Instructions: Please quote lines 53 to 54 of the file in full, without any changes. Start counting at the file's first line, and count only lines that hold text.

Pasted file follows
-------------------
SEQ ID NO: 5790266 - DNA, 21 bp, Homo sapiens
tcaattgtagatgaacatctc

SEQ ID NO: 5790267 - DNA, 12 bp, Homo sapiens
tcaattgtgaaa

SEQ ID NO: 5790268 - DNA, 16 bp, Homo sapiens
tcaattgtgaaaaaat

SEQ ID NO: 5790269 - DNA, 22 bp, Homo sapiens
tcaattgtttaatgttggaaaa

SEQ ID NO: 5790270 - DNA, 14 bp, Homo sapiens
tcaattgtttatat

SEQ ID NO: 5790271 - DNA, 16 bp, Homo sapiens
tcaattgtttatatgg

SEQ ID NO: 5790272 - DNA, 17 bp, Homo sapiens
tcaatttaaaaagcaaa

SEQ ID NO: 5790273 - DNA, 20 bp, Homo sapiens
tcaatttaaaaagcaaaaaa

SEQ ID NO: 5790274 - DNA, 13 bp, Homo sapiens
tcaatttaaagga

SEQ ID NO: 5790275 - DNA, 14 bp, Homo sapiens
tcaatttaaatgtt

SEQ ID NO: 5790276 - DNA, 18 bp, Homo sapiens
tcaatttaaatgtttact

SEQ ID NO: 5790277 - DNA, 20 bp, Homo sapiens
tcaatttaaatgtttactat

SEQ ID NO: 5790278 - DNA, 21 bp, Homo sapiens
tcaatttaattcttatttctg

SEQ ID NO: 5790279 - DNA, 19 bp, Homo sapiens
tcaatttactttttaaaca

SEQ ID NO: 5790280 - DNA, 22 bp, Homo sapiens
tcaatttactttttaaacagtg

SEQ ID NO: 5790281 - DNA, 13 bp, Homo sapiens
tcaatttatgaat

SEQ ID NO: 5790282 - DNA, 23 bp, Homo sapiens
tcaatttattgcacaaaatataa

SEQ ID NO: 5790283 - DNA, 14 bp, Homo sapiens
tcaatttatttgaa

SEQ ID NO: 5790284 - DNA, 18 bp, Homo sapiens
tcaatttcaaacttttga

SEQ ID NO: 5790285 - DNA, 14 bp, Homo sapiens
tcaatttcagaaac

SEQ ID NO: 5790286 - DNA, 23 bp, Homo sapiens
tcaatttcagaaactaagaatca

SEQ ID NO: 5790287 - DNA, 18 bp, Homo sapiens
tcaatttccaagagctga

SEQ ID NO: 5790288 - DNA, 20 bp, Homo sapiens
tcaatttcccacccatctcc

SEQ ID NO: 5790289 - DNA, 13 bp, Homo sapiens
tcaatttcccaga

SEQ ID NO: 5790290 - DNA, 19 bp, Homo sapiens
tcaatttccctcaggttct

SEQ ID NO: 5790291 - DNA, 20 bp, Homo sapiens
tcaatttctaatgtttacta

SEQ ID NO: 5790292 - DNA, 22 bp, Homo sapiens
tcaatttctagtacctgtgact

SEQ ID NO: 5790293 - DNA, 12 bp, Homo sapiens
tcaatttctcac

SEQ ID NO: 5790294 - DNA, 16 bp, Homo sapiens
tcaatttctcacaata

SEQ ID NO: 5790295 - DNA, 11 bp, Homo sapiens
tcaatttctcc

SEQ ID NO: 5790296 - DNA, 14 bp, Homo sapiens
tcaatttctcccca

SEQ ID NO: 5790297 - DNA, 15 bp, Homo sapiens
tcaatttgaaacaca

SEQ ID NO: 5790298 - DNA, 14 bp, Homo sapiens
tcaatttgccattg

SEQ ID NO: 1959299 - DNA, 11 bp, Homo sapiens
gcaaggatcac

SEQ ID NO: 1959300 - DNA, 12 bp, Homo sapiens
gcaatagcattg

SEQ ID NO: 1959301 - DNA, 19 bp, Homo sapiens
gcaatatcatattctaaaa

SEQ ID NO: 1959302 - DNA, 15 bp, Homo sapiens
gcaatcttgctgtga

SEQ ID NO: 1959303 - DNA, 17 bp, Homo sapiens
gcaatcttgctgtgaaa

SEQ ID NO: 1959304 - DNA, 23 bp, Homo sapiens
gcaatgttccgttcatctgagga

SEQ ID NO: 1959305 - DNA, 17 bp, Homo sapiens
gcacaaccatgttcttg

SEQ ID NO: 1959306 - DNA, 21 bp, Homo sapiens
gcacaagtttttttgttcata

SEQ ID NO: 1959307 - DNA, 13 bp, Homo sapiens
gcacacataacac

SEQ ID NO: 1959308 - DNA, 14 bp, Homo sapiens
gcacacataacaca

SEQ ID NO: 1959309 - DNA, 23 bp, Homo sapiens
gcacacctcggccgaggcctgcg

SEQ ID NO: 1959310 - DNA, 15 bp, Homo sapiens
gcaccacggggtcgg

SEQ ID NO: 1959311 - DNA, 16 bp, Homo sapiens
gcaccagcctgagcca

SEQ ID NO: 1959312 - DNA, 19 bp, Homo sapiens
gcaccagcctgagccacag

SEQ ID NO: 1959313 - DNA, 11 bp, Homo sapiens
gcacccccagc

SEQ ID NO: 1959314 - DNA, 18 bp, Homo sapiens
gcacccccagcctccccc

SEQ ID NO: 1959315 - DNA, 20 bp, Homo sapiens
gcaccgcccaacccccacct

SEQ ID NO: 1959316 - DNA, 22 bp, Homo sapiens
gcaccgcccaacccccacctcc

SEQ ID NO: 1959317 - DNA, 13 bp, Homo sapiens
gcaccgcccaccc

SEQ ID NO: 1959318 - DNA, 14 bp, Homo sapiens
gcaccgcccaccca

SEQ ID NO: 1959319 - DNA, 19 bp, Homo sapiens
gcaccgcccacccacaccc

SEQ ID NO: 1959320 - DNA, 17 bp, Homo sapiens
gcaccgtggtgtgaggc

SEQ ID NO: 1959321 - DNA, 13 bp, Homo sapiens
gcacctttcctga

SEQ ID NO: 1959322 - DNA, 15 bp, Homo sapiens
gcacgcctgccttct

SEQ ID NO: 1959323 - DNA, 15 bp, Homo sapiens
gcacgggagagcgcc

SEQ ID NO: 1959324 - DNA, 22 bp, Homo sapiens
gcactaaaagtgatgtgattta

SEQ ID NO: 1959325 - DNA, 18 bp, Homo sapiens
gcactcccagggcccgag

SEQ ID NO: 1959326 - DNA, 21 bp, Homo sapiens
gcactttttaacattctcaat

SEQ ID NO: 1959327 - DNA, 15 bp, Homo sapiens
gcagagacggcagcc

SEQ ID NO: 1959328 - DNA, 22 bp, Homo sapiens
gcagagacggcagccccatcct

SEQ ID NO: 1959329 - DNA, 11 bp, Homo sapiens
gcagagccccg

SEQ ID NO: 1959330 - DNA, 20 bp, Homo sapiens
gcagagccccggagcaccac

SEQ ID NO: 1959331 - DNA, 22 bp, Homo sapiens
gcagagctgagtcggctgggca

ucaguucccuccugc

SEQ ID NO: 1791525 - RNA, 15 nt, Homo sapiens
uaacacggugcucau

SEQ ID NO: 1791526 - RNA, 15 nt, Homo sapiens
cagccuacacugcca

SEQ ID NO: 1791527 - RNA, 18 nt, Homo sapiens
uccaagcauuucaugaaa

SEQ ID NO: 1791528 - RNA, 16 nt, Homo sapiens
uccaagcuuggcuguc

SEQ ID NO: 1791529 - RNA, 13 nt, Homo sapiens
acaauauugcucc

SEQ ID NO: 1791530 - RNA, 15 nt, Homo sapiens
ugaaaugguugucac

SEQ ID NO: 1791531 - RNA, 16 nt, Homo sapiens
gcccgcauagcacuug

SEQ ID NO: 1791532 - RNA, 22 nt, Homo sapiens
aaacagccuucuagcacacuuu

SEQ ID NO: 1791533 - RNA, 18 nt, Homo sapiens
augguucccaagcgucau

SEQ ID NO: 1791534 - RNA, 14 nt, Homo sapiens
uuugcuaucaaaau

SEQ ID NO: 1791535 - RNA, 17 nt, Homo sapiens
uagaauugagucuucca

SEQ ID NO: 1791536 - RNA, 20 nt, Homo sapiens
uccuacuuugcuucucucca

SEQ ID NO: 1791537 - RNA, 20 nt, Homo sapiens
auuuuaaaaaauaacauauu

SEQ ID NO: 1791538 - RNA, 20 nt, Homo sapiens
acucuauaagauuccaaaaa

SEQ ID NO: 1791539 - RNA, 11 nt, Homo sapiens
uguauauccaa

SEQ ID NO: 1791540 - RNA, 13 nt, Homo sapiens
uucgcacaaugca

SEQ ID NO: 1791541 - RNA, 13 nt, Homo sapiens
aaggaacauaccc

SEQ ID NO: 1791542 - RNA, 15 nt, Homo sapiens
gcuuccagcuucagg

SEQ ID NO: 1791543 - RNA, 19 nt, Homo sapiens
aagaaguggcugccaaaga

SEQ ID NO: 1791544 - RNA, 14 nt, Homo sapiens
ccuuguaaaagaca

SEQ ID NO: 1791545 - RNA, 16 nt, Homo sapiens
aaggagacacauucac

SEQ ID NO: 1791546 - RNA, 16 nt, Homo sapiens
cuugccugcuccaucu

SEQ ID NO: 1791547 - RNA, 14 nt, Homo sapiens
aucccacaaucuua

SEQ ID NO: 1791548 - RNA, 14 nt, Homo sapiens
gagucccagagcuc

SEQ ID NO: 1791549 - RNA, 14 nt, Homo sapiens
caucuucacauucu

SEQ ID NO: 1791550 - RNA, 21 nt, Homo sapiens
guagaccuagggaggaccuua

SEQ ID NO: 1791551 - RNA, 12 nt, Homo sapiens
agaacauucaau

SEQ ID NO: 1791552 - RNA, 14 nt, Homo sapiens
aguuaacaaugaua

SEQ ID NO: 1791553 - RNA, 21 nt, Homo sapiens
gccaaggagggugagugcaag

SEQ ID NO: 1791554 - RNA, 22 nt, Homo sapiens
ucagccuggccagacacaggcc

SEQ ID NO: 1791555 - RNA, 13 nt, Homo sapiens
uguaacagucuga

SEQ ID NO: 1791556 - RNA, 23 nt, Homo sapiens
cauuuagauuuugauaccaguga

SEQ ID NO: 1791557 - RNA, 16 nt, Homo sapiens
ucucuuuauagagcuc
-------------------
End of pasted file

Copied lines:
SEQ ID NO: 5790292 - DNA, 22 bp, Homo sapiens
tcaatttctagtacctgtgact